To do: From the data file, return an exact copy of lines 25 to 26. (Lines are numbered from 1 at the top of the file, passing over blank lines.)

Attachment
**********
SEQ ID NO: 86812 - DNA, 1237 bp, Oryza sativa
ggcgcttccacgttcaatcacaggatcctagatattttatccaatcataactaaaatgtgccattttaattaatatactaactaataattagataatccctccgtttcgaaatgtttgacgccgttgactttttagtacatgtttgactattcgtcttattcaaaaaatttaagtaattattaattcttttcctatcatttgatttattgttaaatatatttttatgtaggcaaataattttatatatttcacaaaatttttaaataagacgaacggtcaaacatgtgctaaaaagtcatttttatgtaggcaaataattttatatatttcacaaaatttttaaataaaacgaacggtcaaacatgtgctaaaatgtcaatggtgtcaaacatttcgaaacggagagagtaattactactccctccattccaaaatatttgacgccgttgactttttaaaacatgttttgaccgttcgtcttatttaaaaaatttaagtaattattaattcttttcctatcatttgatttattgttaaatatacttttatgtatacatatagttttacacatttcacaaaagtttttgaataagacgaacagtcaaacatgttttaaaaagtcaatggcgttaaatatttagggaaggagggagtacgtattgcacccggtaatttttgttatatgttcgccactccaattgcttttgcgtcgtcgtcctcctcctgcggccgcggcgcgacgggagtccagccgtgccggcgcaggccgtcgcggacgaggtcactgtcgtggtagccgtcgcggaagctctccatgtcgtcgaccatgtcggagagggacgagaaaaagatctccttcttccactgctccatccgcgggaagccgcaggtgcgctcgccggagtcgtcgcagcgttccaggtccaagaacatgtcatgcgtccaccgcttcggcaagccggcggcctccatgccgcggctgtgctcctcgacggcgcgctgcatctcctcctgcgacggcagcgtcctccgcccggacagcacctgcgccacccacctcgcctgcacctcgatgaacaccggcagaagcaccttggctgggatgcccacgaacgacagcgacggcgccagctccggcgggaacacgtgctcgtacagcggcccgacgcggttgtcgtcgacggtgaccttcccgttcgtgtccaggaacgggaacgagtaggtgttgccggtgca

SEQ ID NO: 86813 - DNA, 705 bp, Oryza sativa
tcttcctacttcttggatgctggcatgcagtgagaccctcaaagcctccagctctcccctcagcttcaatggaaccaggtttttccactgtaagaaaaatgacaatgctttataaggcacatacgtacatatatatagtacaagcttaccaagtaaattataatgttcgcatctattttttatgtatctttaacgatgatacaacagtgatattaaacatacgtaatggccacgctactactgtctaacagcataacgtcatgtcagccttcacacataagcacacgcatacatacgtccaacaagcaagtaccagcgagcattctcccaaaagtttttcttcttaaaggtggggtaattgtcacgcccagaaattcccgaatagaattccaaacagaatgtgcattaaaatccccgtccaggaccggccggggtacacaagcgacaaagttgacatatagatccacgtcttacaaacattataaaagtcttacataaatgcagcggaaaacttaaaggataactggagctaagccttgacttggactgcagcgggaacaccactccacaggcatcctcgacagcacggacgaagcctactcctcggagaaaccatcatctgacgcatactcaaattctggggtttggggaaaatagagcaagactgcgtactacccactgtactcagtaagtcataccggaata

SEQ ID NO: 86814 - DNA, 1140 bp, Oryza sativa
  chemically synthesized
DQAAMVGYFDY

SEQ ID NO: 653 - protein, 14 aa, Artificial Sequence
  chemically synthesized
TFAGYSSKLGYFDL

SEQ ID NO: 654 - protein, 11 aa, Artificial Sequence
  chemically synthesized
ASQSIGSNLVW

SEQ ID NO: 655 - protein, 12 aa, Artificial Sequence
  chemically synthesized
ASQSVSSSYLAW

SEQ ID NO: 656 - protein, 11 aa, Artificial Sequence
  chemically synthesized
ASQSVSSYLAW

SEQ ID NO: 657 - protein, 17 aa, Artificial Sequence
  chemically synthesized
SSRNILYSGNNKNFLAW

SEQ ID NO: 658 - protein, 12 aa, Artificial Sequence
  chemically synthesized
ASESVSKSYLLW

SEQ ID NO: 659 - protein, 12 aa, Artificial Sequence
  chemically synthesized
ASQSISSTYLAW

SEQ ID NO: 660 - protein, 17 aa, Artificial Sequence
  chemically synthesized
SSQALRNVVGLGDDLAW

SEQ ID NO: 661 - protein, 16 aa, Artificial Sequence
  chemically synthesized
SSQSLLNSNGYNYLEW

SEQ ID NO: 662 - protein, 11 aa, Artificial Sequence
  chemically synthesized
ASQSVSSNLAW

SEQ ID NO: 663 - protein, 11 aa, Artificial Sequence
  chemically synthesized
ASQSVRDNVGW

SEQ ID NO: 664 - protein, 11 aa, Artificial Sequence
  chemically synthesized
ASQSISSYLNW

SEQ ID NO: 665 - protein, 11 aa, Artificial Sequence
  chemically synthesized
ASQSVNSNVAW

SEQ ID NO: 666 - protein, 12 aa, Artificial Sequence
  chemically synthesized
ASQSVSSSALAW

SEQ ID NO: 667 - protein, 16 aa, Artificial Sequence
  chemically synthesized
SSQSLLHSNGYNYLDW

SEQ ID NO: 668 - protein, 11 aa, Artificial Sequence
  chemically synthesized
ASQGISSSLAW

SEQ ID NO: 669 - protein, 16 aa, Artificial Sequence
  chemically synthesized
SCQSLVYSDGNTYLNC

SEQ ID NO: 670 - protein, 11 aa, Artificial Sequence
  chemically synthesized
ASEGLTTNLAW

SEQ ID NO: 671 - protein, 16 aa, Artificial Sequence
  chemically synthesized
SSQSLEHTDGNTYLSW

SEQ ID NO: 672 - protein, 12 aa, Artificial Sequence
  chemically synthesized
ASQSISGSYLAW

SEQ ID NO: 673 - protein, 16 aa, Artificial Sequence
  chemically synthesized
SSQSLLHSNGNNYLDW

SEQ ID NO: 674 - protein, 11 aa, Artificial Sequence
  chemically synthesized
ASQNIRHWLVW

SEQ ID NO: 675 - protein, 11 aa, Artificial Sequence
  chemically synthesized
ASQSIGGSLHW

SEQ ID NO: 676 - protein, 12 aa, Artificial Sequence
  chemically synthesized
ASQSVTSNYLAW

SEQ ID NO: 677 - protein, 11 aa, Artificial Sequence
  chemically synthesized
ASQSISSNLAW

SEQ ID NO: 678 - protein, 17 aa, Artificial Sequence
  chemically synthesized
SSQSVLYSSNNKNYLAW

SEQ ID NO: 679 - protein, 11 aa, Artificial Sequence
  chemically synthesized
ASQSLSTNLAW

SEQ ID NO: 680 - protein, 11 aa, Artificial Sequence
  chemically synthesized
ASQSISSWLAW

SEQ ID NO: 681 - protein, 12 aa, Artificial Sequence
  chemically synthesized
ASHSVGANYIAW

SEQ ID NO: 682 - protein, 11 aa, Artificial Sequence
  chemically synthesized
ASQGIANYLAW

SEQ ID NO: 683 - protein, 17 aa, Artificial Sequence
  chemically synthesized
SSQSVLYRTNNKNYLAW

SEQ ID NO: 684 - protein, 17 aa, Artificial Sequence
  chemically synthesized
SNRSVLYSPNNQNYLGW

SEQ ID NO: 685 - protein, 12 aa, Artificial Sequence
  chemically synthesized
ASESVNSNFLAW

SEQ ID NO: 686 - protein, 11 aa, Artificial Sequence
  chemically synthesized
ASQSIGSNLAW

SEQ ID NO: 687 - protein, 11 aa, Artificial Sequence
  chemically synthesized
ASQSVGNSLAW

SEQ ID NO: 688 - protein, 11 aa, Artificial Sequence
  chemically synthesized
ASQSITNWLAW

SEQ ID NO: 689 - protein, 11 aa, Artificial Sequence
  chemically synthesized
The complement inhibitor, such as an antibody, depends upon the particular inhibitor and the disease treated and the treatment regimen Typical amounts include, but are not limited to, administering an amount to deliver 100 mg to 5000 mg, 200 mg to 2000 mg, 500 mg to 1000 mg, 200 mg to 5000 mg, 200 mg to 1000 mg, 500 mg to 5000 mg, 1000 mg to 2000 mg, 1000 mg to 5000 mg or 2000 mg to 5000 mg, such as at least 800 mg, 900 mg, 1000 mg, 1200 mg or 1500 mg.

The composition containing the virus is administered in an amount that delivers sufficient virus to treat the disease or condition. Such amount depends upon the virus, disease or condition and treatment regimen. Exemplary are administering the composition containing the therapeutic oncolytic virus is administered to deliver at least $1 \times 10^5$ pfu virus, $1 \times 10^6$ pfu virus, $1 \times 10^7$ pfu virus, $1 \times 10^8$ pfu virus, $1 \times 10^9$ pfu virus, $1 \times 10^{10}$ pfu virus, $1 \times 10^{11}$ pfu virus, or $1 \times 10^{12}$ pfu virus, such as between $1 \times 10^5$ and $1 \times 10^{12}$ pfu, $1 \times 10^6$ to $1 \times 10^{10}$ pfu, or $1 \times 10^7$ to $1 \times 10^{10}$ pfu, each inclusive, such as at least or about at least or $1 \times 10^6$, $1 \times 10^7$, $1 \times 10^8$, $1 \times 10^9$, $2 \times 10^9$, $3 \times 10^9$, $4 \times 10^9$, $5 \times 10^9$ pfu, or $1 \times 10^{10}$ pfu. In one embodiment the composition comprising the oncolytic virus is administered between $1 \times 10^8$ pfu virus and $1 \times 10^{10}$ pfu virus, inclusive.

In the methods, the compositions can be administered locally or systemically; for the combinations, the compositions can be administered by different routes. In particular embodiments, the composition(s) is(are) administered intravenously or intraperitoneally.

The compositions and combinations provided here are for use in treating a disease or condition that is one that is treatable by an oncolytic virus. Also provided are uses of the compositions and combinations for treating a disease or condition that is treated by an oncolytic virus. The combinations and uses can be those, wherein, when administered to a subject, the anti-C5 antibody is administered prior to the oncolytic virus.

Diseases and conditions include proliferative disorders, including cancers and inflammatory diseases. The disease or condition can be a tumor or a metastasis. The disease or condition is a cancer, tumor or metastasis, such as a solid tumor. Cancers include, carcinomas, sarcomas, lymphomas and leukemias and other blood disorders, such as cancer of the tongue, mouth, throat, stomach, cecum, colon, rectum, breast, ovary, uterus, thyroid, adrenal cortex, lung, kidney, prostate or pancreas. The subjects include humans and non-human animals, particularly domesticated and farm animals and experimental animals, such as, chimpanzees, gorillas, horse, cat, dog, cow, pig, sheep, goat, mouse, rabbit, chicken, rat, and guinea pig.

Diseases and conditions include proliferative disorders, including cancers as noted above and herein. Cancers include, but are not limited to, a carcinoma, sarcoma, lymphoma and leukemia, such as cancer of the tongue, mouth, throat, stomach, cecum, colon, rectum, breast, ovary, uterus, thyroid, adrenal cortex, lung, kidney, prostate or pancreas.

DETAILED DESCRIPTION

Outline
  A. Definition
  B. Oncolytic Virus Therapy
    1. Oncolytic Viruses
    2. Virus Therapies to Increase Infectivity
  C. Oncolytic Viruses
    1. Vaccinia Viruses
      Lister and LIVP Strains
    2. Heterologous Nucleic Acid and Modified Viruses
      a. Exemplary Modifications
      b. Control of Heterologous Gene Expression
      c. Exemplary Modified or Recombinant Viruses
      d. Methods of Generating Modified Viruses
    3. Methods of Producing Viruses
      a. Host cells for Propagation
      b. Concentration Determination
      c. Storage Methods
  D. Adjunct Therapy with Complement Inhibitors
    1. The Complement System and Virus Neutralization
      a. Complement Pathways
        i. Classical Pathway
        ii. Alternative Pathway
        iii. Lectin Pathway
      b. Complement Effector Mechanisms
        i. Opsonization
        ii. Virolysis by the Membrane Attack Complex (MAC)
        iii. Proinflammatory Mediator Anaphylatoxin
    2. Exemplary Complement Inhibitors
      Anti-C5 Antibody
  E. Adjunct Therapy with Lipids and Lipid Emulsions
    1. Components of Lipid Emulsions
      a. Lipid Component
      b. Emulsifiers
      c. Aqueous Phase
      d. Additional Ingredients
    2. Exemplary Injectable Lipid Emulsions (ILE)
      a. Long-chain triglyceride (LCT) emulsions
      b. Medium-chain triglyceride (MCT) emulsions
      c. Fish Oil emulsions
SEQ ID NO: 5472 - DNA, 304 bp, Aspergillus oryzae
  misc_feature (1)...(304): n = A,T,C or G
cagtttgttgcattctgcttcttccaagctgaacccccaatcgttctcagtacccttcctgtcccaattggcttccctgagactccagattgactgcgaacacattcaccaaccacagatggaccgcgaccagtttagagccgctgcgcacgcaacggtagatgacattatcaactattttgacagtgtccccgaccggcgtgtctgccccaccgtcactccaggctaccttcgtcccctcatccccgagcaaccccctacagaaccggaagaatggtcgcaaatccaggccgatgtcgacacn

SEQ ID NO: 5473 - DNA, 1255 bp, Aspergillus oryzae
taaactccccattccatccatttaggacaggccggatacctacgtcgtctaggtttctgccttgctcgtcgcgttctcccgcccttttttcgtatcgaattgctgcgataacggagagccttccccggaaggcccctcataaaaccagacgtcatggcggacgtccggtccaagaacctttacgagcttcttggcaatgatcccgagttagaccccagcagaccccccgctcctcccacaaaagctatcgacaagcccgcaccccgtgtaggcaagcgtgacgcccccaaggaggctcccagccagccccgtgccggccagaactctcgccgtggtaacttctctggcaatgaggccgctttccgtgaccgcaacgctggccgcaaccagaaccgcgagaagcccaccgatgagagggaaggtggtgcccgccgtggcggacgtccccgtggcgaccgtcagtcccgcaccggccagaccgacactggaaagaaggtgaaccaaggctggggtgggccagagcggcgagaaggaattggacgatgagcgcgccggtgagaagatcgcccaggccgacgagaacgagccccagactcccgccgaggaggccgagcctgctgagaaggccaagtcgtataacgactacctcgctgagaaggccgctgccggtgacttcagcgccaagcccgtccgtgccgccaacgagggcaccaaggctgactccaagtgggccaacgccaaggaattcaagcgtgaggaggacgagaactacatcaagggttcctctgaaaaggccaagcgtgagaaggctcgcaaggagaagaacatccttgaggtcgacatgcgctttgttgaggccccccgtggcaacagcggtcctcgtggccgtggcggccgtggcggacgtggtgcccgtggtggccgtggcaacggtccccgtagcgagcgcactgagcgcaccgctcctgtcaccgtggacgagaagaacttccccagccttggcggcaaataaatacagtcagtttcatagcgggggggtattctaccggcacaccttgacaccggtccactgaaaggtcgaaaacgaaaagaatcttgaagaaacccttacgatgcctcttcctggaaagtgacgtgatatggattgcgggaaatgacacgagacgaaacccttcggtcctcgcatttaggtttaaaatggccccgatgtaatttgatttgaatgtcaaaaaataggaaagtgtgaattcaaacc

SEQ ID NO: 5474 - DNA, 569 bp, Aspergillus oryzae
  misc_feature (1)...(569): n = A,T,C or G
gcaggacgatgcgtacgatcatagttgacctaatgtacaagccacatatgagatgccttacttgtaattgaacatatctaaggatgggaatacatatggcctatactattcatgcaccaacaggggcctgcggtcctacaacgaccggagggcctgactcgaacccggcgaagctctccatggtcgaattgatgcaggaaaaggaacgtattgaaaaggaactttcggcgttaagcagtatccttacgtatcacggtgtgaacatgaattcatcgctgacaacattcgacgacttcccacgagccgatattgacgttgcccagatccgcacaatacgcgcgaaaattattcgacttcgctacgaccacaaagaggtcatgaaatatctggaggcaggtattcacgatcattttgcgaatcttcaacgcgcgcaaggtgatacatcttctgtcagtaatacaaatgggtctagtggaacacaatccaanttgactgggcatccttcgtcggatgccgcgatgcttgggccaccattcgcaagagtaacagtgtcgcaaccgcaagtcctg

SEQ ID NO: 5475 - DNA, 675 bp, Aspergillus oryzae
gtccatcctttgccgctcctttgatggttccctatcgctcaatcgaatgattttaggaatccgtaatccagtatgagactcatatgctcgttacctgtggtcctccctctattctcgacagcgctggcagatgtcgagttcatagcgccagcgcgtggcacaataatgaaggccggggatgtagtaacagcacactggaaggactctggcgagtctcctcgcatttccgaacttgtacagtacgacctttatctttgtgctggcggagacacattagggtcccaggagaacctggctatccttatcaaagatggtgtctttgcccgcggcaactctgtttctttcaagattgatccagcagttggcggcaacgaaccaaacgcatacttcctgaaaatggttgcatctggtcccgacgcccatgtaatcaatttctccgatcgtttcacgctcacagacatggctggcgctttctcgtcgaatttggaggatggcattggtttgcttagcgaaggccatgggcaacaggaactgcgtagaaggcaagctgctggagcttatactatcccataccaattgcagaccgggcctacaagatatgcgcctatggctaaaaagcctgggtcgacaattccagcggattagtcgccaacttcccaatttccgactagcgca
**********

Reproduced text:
ASESVSKSYLLW

SEQ ID NO: 659 - protein, 12 aa, Artificial Sequence